Nikandros had always been a simple man, both with his views of the world and his most private wants. He’d never cared for mindful indulgences, nor had he fantasized about phantom worlds where he held the hand of a beautiful man or spoke with him about anything until the sun rose over the horizon. Those thoughts were for other people, foolish people. Ones who had too much time on their hands and too much nonsense in their heart to see reason, to be practical.
Evidently, that didn’t seem to be the case. As it appeared, such dreams and illusions were just as easily spurred on by a heart full of longing.
He had to stop this- this thing. It was wrong, and it was futile. Nothing good could come out of it, nothing hopeful. However, if there was anything he was more confident about than needing to put an end to his feelings, it was that he never could.
There was a man that Nikandros had known in his teenage years, one that he would often go a round with in the training yard when he was in search of sufficient competition. A group of soldiers from the troop would occasionally partake in a certain stimulant found in Isthima, one that typically led to soft feeling limbs and uncontrollable laughter. At one point Nikandros had begun to notice things, hints that were a telltale sign of when something harmlessly indulgent was becoming stupidly dangerous.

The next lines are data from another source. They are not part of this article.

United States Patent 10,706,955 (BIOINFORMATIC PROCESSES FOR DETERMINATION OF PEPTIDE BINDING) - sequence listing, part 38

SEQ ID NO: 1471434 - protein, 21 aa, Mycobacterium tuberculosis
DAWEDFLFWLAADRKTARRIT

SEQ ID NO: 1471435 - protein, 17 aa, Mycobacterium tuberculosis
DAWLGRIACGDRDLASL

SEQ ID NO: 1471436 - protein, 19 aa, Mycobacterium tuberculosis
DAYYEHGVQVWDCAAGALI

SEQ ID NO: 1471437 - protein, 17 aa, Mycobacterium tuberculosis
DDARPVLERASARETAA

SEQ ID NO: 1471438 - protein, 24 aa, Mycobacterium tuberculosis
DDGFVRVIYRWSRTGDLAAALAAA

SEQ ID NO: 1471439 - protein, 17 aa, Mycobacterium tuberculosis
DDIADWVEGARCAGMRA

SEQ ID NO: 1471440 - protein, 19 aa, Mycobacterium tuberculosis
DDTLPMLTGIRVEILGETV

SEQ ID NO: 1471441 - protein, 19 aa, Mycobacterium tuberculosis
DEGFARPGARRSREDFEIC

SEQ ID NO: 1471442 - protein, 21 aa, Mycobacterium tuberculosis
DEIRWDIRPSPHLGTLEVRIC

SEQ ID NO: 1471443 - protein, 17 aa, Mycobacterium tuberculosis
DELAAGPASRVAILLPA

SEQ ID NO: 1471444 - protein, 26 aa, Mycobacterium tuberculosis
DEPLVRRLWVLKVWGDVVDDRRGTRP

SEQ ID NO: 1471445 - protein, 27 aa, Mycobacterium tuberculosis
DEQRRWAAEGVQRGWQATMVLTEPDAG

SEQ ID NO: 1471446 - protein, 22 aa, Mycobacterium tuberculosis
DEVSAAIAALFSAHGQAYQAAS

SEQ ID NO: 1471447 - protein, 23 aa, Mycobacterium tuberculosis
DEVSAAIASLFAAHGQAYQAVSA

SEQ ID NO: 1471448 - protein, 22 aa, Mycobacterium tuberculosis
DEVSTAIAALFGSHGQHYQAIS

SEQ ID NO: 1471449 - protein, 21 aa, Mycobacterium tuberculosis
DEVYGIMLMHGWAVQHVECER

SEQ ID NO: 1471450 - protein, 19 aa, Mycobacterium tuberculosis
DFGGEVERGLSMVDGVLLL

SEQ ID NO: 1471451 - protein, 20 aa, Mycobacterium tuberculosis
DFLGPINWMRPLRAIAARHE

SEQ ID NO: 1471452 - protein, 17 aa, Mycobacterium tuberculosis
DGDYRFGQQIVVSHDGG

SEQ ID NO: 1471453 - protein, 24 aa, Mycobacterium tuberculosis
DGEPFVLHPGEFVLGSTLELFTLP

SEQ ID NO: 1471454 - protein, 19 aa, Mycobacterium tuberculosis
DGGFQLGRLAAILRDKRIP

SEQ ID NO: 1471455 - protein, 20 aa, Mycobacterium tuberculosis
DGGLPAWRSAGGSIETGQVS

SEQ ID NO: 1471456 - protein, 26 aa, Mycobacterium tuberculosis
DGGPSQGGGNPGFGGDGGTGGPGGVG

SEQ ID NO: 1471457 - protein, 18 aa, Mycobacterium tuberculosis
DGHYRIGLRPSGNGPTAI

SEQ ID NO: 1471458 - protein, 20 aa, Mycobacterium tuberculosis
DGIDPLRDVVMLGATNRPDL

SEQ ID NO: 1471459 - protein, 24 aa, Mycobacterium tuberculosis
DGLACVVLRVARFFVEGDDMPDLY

He’d made a single attempt at rebuttal and had scoffed when it was received by stubbornness. It was a funny thing, a miserable thing how easily those situations could turn around on you, how anybody could find themselves in a place where they were intentionally partaking in something damaging, only because of the small bouts of pleasure it gave you. Those brief moments of a high so sweet that they almost rivaled the inevitable low.
At first, Nikandros had told himself that it was all mere coincidence. How was he to know when the king of Vere would be in the library? It was colossal, anyone could be found in a maze of winding staircases and endless shelves. He would be off into the village tomorrow for several meetings, it was imperative that he check the stables and ensure that his horse was saddled and well prepared for the journey. He was born and raised in Akielos; it was in his nature to frequent the gardens, just to feel the sun on his skin.